OST: Heartworn Highways / 2007 Hacktone / 26 Tracks / http://www.hacktone.com
Heartworn Highways is a documentary similar in style to All My Loving, but the subject material is a little different. Where All My Loving was a child of the sixties in terms of the bands covered and individualsâ€™ feelings about rock music, the director of Heartworn Highways, James Szalapski focuses on the folk and roots rock sounds that were present during the middle of the 1970s. Where there were performances by Cream, Zappa, and Hendrix in â€œAll My Lovingâ€, there are performances in Heartworn Highways by Guy Clark, Rodney Crowell, John Hiatt, and Steve Earle.
This soundtrack represents a blend of the performances during Heartworn Highways, and different clips from interviews and other segments from the documentary. Of particular note to me on the CD is a pre-racist (at least overt racist) David Allen Coe singing â€œRiverâ€, a track that will get at your heart while making an individual think. Individuals should focus in on the finale of the track, a version of â€œSilent Nightâ€ that features most of the individuals that were previously on the CD. The many-vocaled â€œSilent Nightâ€ gives another spin on a classic, no matter how many times individuals have heard the song done and redone. For those individuals that were still a decade or two away from being born when this documentary originally came out, this soundtrack will allow fans to find new individuals that have fallen out of favor with current radio stations and fans.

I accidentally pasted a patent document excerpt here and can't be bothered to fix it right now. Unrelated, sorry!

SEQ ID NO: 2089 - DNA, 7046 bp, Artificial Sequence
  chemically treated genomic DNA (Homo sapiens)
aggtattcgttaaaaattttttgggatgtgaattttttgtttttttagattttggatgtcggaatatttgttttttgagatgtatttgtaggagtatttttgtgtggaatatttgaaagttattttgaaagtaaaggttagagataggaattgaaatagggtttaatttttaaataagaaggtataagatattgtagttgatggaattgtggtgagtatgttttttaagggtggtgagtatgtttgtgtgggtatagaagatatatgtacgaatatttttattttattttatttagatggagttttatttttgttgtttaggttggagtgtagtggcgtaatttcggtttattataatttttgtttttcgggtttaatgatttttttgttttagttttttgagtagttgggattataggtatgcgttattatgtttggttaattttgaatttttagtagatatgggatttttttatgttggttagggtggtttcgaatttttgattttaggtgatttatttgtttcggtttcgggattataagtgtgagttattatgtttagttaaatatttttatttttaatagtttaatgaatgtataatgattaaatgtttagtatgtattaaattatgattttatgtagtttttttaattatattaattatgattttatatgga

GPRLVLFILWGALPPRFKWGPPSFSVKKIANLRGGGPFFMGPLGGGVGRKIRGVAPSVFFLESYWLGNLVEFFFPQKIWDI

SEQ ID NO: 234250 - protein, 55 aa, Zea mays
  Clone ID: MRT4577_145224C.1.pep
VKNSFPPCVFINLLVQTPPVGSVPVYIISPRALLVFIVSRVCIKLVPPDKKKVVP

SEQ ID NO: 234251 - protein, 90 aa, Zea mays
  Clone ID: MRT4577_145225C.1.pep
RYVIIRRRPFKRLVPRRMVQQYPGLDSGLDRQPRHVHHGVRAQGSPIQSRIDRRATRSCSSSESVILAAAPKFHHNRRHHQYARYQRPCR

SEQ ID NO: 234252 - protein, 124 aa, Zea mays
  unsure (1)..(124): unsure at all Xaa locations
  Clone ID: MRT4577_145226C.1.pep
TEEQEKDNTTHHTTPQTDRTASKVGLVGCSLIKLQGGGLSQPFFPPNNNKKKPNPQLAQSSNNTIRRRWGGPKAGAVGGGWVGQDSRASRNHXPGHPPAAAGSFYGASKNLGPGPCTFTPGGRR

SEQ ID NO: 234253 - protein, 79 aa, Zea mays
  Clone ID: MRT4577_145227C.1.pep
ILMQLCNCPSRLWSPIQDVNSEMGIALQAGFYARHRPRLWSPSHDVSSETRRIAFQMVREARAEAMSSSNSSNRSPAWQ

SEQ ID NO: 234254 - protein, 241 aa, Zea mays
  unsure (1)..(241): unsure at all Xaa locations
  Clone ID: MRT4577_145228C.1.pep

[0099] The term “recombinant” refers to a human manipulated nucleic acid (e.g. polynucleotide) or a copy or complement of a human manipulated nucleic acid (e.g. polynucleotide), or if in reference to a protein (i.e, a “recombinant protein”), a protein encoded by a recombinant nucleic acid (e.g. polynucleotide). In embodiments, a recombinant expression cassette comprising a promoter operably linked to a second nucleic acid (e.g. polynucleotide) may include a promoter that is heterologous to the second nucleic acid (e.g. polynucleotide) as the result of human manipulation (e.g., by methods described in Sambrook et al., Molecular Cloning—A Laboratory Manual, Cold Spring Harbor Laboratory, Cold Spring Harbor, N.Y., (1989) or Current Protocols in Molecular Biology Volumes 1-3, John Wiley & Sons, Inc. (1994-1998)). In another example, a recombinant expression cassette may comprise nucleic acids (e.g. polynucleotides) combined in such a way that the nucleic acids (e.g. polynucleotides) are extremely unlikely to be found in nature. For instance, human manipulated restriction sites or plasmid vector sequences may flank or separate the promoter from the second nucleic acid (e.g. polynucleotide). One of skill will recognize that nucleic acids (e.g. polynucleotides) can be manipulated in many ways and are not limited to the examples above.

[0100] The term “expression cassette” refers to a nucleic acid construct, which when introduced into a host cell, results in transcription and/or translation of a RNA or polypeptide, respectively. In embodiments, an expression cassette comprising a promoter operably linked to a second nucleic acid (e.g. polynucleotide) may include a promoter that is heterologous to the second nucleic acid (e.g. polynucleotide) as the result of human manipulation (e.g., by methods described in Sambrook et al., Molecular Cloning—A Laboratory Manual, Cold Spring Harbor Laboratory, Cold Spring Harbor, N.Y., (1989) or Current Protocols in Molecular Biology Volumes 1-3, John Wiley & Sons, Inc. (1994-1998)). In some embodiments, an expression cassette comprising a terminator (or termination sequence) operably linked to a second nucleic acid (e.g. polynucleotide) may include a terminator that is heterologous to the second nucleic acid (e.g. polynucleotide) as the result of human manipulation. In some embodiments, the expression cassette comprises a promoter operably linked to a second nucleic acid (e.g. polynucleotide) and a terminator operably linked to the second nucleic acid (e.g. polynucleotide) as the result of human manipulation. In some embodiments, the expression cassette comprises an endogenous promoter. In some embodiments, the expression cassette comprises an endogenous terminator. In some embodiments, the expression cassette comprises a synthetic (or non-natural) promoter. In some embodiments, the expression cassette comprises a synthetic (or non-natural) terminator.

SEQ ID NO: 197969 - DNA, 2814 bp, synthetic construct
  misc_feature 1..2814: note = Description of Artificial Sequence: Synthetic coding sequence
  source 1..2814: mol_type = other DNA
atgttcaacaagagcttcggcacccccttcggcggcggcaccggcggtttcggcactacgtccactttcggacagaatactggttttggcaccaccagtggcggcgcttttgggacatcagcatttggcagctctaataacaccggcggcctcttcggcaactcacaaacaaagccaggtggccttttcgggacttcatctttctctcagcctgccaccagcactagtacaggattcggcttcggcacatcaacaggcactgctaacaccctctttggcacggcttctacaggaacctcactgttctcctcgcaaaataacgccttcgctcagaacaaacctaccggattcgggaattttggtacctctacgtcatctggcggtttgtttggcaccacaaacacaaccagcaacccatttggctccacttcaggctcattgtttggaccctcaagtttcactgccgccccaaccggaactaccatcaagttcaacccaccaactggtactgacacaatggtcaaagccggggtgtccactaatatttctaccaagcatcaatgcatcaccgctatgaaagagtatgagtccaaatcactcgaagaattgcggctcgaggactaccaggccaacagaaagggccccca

For example, I was born in 1983 and had no clue who exactly Larry Jon Wilson, Rodney Crowell, or Gamble Rodgers were. Individuals that have seen the movie and are unhappy with an older vinyl copy of the album or poorly-ripped audio file should search out this Hacktone release and be amazed at the clarity and full sound that these thirty-plus year old songs all have to them. I wish there were more tracks available to listeners; perhaps it could be within the range of good taste for Hacktone to go and acquire the skills of someone versed in this period to come up with a multiple disc compilation of songs from a similar period and sound. If that is possible, we could experience a revival in fans of this style, which in turn would lead to the re-releases of a number of original albums from that time period. Essentially, it is a win-win-win type of thing.
Top Tracks: David Allen Coe â€“ River, Guy Clark â€“ Texas Cooking